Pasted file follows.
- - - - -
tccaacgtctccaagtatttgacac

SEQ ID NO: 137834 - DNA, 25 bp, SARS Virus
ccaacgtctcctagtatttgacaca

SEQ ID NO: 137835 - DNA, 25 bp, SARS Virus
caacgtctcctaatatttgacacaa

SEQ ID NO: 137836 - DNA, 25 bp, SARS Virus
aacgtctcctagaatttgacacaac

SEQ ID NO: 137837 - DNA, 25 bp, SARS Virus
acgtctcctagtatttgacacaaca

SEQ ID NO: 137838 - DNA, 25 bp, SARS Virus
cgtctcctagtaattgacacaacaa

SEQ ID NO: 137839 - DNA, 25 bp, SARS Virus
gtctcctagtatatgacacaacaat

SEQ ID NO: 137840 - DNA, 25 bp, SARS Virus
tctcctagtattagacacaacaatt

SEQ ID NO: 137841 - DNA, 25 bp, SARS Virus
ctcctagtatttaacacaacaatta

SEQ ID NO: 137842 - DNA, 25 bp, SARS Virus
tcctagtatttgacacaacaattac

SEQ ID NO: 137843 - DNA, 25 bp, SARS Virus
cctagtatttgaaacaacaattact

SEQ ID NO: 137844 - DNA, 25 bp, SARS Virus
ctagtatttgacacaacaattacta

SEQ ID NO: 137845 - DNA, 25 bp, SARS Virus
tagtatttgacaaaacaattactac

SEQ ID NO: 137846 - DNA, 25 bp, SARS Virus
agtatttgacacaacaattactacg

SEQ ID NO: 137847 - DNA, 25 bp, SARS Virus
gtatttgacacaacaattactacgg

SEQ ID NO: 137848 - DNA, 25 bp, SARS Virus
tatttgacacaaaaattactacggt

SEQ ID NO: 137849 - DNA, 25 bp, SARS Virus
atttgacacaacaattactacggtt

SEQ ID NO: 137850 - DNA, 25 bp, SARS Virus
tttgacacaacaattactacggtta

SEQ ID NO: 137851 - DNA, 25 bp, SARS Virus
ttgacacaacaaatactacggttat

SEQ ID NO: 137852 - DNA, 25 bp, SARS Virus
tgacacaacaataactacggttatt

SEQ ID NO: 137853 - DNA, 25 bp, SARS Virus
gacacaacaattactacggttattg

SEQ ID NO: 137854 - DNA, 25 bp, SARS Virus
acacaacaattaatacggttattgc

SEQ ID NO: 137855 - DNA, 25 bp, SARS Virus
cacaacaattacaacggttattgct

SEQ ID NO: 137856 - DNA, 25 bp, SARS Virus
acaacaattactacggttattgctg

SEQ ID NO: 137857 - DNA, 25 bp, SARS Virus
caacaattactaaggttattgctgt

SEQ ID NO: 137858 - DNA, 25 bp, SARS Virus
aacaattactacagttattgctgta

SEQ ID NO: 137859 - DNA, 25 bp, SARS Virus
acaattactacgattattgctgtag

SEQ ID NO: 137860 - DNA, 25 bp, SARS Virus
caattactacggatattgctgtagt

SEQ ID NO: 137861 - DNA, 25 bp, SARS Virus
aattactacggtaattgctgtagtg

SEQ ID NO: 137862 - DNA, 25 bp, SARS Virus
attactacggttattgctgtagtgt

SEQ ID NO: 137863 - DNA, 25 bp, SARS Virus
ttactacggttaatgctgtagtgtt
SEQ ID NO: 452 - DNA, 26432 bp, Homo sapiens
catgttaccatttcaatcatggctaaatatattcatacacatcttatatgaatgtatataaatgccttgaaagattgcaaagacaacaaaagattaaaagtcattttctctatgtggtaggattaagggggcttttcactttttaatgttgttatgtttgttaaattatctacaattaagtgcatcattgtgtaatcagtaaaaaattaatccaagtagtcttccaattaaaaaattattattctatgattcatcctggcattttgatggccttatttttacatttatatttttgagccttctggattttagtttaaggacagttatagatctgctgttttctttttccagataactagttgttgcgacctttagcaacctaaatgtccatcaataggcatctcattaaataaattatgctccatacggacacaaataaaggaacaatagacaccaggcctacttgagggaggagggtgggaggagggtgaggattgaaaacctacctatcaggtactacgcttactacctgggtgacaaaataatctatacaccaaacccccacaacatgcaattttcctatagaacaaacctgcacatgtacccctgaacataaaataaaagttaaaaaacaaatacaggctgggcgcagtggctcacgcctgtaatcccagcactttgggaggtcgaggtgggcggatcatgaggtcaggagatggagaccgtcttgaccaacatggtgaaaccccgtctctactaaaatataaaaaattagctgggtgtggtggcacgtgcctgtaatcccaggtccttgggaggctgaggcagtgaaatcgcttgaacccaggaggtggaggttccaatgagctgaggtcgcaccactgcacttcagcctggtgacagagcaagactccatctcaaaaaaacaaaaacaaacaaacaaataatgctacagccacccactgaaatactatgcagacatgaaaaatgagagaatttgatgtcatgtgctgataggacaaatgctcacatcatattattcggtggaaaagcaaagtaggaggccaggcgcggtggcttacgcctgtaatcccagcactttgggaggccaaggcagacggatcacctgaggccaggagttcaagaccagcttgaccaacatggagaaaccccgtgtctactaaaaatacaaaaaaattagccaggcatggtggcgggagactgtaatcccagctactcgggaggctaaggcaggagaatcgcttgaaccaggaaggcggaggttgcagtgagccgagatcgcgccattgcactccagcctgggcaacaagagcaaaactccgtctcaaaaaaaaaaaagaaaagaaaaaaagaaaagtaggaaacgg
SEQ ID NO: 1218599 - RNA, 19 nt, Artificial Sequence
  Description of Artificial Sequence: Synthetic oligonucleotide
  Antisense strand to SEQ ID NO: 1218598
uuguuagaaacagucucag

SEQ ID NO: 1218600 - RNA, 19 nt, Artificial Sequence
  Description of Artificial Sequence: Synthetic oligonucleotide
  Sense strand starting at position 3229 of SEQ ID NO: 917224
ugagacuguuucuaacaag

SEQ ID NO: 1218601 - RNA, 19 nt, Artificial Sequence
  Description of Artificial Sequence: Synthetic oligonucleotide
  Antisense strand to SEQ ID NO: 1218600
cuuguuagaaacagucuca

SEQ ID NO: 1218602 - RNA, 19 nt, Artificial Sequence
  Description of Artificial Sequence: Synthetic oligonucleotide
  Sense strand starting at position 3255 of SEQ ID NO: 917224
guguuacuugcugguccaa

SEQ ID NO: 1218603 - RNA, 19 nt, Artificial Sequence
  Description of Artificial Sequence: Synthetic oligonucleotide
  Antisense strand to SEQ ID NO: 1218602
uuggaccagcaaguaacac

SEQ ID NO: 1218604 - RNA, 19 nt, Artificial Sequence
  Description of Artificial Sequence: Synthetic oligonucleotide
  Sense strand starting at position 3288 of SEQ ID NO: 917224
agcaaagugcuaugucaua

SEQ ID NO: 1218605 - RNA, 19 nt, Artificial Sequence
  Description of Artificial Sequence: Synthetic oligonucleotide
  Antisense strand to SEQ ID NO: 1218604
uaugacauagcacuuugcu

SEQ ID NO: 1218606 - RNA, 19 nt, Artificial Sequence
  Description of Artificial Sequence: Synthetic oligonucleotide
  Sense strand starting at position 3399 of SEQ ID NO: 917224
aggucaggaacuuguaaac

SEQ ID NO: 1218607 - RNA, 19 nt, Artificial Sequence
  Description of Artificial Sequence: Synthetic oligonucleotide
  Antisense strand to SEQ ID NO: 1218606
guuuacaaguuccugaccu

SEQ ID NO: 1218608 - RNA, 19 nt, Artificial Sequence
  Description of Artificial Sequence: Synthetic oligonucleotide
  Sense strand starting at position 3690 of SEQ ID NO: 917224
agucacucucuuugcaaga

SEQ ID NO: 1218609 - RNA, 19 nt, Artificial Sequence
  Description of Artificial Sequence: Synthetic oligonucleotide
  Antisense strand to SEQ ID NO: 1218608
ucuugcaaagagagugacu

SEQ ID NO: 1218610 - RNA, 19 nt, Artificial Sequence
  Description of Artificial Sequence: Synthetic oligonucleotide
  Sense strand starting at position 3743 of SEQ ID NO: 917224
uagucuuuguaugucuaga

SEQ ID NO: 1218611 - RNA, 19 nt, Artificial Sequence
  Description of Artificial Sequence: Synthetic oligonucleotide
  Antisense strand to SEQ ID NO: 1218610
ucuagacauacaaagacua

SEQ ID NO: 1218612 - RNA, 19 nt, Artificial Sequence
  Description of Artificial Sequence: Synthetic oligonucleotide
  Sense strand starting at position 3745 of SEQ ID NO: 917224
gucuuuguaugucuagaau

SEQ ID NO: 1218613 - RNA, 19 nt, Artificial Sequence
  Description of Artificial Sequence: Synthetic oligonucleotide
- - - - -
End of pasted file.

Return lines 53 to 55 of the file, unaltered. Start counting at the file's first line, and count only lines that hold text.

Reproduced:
acaattactacgattattgctgtag

SEQ ID NO: 137860 - DNA, 25 bp, SARS Virus
caattactacggatattgctgtagt